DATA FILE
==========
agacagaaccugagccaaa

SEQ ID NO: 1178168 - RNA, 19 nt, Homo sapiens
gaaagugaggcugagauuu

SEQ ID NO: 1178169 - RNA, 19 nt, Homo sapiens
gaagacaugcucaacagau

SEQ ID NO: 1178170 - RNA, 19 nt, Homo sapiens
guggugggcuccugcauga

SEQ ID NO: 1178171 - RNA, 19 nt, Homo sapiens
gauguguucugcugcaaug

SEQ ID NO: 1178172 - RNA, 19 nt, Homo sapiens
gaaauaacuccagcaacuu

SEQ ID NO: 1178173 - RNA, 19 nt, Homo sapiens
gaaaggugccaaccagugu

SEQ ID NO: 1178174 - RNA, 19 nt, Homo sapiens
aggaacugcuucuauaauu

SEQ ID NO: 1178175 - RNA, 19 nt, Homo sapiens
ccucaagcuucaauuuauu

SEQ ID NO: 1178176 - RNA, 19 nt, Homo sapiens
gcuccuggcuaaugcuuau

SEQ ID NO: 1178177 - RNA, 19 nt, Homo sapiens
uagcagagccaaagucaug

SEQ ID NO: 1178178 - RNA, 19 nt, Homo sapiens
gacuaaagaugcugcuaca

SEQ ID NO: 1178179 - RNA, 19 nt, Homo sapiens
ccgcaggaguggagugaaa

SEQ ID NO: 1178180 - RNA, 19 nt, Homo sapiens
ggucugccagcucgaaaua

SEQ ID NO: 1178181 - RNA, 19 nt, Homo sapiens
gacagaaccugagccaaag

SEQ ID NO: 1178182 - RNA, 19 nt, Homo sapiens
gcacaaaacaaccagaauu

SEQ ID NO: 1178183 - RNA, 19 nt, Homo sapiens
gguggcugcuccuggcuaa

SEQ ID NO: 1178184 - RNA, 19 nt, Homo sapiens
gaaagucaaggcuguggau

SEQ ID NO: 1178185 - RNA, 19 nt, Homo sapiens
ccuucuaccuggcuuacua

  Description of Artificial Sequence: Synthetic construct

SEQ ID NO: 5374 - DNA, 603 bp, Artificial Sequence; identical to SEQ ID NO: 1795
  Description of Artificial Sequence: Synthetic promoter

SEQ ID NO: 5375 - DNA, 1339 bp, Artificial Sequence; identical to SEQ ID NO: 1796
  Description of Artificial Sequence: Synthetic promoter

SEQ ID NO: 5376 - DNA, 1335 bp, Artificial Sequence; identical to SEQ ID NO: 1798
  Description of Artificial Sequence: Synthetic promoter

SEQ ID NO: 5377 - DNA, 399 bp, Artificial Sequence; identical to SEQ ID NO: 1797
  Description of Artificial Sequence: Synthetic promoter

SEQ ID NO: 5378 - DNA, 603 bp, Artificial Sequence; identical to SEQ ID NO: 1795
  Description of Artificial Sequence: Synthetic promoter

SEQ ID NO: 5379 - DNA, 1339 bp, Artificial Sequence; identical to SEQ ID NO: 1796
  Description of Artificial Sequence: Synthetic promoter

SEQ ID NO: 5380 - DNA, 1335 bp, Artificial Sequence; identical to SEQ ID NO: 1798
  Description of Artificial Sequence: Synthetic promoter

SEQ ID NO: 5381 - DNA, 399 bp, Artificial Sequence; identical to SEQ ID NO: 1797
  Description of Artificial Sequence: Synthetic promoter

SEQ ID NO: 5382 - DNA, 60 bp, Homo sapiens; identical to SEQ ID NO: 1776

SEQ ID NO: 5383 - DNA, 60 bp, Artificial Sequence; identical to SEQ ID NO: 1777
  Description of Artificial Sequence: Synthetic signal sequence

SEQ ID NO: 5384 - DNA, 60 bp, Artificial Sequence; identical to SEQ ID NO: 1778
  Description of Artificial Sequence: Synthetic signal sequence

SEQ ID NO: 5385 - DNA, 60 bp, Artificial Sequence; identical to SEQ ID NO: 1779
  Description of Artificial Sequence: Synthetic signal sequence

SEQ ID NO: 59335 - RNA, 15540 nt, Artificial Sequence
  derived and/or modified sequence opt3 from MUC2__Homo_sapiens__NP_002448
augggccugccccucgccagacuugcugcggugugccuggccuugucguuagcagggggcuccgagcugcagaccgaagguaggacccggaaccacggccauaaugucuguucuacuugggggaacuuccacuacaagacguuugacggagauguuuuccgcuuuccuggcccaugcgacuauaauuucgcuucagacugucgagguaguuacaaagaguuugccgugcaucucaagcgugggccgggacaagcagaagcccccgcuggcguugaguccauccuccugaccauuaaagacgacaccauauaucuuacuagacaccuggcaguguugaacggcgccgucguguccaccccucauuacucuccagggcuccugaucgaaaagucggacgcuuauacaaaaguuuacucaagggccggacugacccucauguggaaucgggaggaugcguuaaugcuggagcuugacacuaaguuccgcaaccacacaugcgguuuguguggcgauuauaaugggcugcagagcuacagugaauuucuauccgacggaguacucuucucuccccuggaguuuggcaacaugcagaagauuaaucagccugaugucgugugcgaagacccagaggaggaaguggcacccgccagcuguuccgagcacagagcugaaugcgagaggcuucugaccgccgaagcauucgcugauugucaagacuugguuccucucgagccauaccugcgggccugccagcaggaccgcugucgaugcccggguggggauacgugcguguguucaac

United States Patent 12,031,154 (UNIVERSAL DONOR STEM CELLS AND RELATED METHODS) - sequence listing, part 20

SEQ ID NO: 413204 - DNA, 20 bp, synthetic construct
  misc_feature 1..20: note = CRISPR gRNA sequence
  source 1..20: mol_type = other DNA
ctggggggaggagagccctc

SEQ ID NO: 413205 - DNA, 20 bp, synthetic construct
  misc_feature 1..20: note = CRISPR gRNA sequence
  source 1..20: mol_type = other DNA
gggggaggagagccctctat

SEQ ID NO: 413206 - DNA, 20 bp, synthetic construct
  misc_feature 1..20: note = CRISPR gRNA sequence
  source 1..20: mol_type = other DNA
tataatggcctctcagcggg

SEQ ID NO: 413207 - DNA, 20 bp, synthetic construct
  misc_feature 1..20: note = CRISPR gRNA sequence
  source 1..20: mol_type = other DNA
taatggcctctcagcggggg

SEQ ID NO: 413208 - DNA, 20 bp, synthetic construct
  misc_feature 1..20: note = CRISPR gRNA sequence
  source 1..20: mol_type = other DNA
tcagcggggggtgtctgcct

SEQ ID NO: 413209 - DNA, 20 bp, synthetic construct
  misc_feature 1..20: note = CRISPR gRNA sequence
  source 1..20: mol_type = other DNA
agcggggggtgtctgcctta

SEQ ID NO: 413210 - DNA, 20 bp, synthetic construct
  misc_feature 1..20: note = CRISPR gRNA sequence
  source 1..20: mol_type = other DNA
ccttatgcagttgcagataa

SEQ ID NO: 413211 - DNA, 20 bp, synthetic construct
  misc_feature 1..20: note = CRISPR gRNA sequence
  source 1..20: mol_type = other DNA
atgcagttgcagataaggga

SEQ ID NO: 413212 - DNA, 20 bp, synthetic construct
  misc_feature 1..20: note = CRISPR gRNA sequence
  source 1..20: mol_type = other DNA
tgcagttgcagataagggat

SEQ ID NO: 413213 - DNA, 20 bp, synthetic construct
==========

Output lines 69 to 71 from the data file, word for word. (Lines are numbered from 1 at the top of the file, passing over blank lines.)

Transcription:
ctggggggaggagagccctc

SEQ ID NO: 413205 - DNA, 20 bp, synthetic construct
  misc_feature 1..20: note = CRISPR gRNA sequence